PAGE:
Everything you need to know about feeding for Laminitis

By: Louise Scott BSc (Hons) 

Laminitis is a very painful condition and is one of the most common causes of lameness in horses.

Laminitis is the inflammation of the laminae, where the horse’s hoof pulls away from the wall. The laminae usually holds the pedal bone in place of the hoof, so as the laminae pulls away from the hoof wall, it can cause the pedal bone to rotate and point down towards the sole of the hoof.

Laminitis can be caused by various different things and managing the condition effectively depends on the trigger. Horses that develop laminitis through mechanical overload, a retained placenta or other non-dietary related causes should still continue to have their diet closely monitored because they could be susceptible in the future. An example of this is monitoring and preventing weight gain, which may cause their condition to worsen. Managing a horse with laminitis’ diet through a special, low sugar and low starch plan, is the easiest way to prevent a downward spiral.

Dietary laminitis is caused by an overload of carbohydrates, such as starch, fructan and glucose in the hindgut. This quantity of carbohydrates that escapes digestion in the small intestine causes rapid fermentation in the hindgut which leads to hindgut acidosis which, in turn, leads to laminitis developing.

Keyflow Feeds are suitable for animals at risk of laminitis, including Perfect Balance containing the basic vitamins and minerals that your horse needs; along with Pink Mash which offers a boost in antioxidants and probiotics supporting digestive health.

Studies have shown that horses and ponies with reduced insulin sensitivity were more susceptible to laminitis than those with higher sensitivity to insulin. Insulin resistance results in reduced sensitivity to insulin, under normal circumstances insulin initiates the uptake of glucose from the blood to stabilise the glucose levels in the blood. The reduced insulin sensitivity initially increases insulin production from the beta cells of the pancreas in order to elicit glucose uptake into the tissues, leading to hyperinsulinemia. Genetic predisposition, metabolic disorders, environmental factors such as diet, exercise and obesity are all factors which can contribute to the development of insulin resistance.

To manage all of these contributing factors the correct diet is essential. It is important that any horse at risk of developing or are already suffering with laminitis are put onto a low sugar, low starch diet. Grass is first and foremost the highest risk factor of laminitis due to its potentially high fructan content. This is especially important in spring and early autumn when there is more grass available, making it difficult to monitor how much sugar your horse is consuming. Spring grass can be higher in the sugar Fructan, a contributor to the development of laminitis that can be overlooked.

Horses pasture intake should be monitored by having limited turnout, using a grazing muzzle or by using strip grazing methods. This will ensure, especially in the spring period, that the horse does not overindulge on high sugar grasses and also makes it easier to control its weight. When feeding conserved forage such as hay to a horse or pony susceptible to laminitis it is recommended that it is tested to determine the non-structural carbohydrate content. A low non-structural carbohydrate content of less than 10% is required for those prone to laminitis. Hay testing is a service that Keyflow now offer to customers, once the results are ready a member of the Keyflow team will advise you on the nutritional content of the sample and the suitability to feed to a horse at risk of laminitis. If you are interested in having your hay analysed please get in touch using the contact details below.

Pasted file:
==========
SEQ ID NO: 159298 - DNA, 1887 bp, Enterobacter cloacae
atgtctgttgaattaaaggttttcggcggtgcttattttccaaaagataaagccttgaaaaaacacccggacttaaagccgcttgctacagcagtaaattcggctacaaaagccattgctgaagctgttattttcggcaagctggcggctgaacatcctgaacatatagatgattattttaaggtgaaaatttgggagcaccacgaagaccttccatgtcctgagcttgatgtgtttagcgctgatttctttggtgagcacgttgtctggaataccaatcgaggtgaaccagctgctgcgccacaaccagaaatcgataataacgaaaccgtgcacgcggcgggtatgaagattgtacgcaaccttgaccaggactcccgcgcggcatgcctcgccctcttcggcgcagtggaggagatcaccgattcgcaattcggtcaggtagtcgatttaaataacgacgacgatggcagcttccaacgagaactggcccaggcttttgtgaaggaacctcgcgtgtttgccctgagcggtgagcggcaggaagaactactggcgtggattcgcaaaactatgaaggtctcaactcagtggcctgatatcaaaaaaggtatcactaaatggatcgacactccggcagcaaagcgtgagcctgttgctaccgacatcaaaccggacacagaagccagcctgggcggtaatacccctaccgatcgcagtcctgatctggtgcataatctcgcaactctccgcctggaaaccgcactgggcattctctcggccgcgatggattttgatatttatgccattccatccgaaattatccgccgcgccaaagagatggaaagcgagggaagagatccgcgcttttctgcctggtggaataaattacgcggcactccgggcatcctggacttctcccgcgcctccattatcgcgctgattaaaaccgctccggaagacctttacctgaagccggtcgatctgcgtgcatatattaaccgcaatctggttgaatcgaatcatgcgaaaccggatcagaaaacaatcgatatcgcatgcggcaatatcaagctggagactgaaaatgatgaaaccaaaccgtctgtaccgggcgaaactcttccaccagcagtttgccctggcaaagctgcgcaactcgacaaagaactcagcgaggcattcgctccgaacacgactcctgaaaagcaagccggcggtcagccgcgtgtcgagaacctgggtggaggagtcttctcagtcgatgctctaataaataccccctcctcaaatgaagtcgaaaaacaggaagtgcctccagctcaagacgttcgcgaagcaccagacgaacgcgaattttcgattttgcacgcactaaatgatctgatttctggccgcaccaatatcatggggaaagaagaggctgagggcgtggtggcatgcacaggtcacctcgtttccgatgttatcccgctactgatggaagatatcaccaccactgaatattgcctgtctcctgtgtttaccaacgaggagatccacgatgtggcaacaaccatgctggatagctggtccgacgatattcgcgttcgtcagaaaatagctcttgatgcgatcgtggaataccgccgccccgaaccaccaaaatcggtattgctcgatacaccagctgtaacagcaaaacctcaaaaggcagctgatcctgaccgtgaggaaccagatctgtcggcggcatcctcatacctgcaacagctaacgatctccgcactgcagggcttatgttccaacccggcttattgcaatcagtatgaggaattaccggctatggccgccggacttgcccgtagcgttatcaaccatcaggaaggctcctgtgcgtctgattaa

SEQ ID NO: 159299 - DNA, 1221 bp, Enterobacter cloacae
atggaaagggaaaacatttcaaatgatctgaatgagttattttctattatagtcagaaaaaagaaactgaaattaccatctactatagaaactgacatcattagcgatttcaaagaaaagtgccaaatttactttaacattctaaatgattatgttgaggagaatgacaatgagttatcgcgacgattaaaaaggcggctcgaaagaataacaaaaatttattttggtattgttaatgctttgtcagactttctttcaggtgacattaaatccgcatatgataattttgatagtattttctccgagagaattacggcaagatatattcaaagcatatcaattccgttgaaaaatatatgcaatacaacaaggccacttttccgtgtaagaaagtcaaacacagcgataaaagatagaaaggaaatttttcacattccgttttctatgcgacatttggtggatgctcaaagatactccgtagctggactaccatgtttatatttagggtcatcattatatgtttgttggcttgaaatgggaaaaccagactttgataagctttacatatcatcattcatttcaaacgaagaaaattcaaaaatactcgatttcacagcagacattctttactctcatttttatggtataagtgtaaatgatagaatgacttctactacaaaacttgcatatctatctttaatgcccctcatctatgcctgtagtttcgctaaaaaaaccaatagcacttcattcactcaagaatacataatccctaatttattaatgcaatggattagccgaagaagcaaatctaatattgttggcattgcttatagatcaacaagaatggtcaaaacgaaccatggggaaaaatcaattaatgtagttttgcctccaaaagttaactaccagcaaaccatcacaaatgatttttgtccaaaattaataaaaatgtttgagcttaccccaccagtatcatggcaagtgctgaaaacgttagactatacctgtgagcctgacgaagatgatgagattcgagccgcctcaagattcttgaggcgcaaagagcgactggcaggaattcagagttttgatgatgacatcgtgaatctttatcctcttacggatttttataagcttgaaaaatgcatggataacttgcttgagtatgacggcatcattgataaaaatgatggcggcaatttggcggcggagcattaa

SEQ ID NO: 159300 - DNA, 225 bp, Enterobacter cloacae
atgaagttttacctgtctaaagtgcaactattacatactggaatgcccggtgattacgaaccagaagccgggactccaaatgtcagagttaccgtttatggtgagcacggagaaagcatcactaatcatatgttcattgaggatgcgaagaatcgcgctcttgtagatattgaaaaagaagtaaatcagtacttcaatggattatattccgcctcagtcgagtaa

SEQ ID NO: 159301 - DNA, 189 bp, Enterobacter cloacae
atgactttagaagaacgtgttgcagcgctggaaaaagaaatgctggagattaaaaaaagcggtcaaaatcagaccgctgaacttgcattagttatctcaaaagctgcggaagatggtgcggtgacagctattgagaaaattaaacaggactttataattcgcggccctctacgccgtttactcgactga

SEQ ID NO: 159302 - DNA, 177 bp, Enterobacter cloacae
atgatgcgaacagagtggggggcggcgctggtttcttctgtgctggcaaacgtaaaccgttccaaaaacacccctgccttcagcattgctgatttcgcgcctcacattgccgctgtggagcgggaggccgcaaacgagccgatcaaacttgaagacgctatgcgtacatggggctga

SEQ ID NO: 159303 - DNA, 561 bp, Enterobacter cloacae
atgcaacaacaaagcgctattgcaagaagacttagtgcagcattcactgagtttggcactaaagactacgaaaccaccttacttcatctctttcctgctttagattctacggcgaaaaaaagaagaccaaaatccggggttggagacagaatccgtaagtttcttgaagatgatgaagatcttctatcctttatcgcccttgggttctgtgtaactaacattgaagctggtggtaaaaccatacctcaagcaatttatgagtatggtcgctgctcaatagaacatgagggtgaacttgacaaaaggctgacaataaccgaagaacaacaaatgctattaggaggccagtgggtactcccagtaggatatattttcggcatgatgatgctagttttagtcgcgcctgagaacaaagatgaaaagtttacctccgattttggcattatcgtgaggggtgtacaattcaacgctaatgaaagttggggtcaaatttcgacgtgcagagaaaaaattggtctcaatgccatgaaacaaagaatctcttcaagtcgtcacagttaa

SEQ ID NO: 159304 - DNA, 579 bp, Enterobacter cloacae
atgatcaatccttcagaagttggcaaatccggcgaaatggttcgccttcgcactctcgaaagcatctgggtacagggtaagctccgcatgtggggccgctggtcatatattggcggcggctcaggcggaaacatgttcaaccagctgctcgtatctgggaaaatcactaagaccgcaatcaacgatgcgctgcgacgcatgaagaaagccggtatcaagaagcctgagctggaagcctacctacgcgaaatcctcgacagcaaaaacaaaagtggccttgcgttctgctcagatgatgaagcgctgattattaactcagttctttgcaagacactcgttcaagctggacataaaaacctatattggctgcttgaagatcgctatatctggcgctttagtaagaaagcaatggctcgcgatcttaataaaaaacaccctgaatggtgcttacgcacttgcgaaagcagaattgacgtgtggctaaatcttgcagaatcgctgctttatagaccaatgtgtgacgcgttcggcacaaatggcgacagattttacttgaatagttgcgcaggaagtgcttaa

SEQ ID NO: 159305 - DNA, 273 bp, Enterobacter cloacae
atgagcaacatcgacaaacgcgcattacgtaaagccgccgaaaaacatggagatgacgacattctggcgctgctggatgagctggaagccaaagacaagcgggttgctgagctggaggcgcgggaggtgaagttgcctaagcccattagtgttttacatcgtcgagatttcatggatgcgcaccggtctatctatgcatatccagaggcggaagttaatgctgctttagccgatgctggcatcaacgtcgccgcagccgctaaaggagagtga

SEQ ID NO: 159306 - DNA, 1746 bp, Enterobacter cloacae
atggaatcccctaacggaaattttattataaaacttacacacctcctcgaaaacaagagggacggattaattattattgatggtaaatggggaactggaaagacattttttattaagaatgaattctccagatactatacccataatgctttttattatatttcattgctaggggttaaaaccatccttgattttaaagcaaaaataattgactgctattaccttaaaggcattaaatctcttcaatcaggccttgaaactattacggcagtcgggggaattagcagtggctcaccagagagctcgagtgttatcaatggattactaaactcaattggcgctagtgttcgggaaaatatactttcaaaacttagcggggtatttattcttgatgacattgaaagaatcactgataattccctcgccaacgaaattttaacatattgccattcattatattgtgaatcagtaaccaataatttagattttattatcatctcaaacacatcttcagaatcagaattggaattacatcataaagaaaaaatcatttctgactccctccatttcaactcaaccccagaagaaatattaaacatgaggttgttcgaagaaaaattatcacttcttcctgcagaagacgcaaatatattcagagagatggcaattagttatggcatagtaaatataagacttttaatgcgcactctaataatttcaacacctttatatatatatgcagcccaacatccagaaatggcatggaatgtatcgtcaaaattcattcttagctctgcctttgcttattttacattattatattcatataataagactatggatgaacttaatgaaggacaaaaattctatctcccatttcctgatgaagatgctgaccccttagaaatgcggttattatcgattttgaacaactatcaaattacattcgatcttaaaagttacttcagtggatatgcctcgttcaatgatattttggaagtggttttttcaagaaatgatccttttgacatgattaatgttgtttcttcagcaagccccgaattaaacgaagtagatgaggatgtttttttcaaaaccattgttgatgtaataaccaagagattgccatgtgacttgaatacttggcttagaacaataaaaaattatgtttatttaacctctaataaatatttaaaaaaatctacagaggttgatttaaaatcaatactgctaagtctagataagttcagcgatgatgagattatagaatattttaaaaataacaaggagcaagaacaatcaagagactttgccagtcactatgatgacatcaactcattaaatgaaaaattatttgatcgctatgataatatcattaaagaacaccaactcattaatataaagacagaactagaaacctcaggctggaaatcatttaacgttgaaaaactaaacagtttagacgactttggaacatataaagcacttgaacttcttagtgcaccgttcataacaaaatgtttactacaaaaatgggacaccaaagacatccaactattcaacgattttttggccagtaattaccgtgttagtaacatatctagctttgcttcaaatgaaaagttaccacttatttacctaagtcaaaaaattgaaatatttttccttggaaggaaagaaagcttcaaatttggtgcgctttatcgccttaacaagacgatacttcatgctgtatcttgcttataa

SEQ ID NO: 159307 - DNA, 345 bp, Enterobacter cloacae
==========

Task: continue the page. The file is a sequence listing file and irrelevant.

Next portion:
In terms of feeding concentrates, low sugar, low starch and highly digestible feeds will be the most suitable for a horse suffering from laminitis. Cereals found in many concentrate feeds are high in starch, which, especially when fed in large concentrated meals, can encourage the rapid fermentation in the hindgut and cause hindgut acidosis. For this reason feeds high in cereal grains and molasses should be avoided.

Probiotics are a healthy addition for a horse with laminitis, as laminitis is characterised by a disruption in the bacteria population of the hind gut. A high quality probiotic will help to restore this balance and keep the digestive tract healthy. Most Keyflow® feeds are low in sugar and starch so would be well suited to a horse at risk of laminitis. Keyflow® feeds also have the additional benefit of Protexin, a probiotic which, is ideal for a horse with laminitis.

Steam extruded feeds are low in sugar and starch which is beneficial for all laminitics. Steam extrusion increases the digestibility of the feed in the small intestine from 40% to 90%, which helps to improve starch and sugar digestion in the hindgut. Keyflow® uses wet steam extrusion with all of our feeds, wet steam extrusion is preferable over dry steam extrusion as it retains the beneficial nutrients in the feed. Dry steam extrusion degrades these nutrients meaning the feed would have a poor nutritional profile, whereas wet steam extrusion retains the nutrient integrity.

If you would like any further assistance with feeding your laminitic horse or need any other feeding advice please contact our friendly support team on 01672 51 9000, or drop us an email at advice@keyflowfeeds.com and we will be happy to help.

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